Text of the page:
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Monitoring spruce volume and biomass with InSAR data from TanDEM-X

Solberg, Svein, Astrup, Rasmus, Breidenbach, Johannes, Nilsen, Barbi, Weydahl, Dan
Remote sensing of environment 2013 v.139 pp. 60-67
aboveground biomass, canopy, carbon, forests, global positioning systems, monitoring, remote sensing, statistical models, Norway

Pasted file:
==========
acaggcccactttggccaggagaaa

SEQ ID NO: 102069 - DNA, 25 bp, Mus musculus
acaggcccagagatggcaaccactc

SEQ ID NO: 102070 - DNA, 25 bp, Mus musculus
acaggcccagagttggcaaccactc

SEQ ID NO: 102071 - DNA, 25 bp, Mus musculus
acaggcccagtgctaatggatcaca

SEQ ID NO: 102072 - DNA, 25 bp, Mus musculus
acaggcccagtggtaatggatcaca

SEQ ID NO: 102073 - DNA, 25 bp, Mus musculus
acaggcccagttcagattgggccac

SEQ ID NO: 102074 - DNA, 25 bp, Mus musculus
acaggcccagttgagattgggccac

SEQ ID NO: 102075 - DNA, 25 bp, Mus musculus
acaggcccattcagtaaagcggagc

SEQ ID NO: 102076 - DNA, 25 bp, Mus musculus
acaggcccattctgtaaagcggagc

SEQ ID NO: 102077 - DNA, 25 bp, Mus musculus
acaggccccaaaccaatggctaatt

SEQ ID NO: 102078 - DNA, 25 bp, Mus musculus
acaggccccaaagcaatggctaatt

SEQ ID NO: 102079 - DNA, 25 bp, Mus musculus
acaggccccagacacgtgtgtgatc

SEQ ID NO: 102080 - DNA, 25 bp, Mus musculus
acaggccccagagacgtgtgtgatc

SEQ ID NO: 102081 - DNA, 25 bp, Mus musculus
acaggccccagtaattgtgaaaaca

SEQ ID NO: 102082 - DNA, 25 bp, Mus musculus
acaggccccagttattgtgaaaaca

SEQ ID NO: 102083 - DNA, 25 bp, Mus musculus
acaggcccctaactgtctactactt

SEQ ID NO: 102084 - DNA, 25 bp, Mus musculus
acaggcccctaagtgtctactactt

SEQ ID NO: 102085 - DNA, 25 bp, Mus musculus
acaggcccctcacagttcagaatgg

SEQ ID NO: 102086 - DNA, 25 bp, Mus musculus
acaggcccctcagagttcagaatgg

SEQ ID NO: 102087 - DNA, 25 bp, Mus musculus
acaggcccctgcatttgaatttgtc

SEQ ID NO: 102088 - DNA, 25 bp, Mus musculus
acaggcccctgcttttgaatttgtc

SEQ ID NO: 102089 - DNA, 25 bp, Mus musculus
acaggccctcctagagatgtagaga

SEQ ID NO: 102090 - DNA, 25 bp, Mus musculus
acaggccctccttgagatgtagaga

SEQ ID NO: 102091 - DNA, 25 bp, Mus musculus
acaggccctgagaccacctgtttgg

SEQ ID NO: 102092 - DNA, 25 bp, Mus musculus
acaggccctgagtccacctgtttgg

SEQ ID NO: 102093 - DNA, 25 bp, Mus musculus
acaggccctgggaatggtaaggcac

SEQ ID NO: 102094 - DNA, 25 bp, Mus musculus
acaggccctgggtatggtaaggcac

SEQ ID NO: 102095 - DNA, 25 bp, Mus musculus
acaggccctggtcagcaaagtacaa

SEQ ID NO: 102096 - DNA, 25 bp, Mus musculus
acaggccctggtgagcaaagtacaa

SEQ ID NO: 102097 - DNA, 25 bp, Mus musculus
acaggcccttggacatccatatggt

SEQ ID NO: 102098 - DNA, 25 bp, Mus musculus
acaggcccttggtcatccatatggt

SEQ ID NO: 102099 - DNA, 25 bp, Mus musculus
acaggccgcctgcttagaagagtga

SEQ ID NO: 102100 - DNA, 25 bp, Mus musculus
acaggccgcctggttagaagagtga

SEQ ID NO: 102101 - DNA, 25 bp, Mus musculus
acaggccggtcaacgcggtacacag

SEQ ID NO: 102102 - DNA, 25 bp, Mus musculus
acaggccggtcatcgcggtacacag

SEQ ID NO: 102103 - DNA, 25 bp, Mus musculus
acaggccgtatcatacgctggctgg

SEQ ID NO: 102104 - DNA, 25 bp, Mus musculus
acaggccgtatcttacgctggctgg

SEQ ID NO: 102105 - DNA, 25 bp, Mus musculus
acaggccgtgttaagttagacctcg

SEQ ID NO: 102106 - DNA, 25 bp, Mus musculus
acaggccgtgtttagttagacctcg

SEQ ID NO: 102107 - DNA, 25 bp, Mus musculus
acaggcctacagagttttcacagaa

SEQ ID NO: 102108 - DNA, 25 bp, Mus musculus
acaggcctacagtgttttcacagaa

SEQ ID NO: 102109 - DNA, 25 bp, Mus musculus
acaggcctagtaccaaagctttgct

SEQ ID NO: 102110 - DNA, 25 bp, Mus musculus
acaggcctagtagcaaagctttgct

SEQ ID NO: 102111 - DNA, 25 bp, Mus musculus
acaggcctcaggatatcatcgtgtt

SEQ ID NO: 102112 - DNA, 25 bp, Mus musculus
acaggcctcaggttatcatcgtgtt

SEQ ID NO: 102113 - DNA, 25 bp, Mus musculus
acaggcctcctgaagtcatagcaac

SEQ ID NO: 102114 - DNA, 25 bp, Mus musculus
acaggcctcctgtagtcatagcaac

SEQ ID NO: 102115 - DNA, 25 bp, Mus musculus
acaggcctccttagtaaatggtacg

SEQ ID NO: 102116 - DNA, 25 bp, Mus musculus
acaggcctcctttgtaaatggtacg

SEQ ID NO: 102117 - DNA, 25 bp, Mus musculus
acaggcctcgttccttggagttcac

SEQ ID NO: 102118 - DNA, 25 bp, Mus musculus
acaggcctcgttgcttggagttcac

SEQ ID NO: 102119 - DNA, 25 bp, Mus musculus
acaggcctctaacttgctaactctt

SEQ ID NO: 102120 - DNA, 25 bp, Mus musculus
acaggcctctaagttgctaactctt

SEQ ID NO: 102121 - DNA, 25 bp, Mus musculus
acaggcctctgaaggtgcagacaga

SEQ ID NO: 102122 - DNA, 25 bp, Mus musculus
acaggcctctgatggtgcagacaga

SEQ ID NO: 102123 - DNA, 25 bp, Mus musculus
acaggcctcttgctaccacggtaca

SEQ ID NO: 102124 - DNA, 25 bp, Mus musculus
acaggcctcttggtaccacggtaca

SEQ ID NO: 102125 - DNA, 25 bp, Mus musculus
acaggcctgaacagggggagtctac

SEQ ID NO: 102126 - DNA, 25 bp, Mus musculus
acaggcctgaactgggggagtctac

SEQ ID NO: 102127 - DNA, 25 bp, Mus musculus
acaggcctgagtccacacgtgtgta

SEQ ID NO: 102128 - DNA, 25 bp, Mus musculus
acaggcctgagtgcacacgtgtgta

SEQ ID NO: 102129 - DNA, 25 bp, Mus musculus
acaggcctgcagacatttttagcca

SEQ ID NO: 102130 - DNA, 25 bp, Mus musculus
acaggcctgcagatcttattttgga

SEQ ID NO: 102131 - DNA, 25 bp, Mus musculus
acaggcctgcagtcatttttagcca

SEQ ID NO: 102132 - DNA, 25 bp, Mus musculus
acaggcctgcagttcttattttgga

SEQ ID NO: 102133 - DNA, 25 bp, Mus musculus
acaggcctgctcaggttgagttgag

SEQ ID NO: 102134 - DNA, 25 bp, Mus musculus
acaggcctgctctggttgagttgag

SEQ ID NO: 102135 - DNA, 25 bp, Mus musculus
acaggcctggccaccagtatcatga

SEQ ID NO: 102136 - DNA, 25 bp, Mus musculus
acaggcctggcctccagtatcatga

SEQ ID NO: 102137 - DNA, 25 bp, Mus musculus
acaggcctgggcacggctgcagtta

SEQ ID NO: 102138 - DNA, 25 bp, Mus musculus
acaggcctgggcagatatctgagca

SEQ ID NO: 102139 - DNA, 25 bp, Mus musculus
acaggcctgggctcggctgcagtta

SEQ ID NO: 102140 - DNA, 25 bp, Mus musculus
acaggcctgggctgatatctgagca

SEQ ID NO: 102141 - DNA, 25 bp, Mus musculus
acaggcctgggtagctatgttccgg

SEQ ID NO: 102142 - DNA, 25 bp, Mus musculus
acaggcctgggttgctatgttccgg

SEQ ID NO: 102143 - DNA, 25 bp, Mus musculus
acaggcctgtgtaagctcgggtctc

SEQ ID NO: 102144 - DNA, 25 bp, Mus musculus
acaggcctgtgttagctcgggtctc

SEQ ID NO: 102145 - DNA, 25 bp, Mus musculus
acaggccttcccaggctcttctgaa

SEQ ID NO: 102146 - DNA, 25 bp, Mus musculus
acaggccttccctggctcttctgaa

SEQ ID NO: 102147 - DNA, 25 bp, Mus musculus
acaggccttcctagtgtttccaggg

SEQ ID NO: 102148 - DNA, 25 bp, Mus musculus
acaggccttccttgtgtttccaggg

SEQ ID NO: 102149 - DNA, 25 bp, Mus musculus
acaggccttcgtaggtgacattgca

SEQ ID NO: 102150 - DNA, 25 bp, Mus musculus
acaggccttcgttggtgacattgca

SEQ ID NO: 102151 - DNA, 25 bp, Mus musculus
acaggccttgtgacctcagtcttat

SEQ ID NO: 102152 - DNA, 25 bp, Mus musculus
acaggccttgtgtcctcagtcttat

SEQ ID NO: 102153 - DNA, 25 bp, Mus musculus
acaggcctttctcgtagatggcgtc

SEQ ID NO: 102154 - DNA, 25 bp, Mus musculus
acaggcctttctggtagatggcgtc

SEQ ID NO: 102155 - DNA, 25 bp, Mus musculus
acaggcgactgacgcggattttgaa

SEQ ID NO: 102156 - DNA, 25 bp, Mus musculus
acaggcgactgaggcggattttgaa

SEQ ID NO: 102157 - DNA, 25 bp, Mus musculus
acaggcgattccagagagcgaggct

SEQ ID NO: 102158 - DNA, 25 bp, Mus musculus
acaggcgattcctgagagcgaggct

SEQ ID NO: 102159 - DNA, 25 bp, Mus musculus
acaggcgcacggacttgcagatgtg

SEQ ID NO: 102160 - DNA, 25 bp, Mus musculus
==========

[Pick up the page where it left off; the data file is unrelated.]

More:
There is a need for monitoring methods for forest volume, biomass and carbon based on satellite remote sensing. In the present study we tested interferometric X-band SAR (InSAR) from the Tandem-X mission. The aim of the study was to describe how accurate volume and biomass could be estimated from InSAR height and test whether the relationships were curvilinear or not. The study area was a spruce dominated forest in southeast Norway. We selected 28 stands in which we established 192 circular sample plots of 250m2, accurately positioned by a Differential Global Positioning System (dGPS). Plot level data on stem volume and aboveground biomass were derived from field inventory. Stem volume ranged from zero to 596m3/ha, and aboveground biomass up to 338t/ha. We generated 2 Digital Surface Models (DSMs) from InSAR processing of two co-registered, HH-polarized TanDEM-X image pairs – one ascending and one descending pair. We used a Digital Terrain Model (DTM) from airborne laser scanning (ALS) as a reference and derived a 10m×10m Canopy Height Model (CHM), or InSAR height model. We assigned each plot to the nearest 10m×10m InSAR height pixel. We applied a nonlinear, mixed model for the volume and biomass modeling, and from a full model we removed effects with a backward stepwise approach. InSAR height was proportional to volume and aboveground biomass, where a 1m increase in InSAR height corresponded to a volume increase of 23m3/ha and a biomass increase of 14t/ha. Root Mean Square Error (RMSE) values were 43–44% at the plot level and 19–20% at the stand level.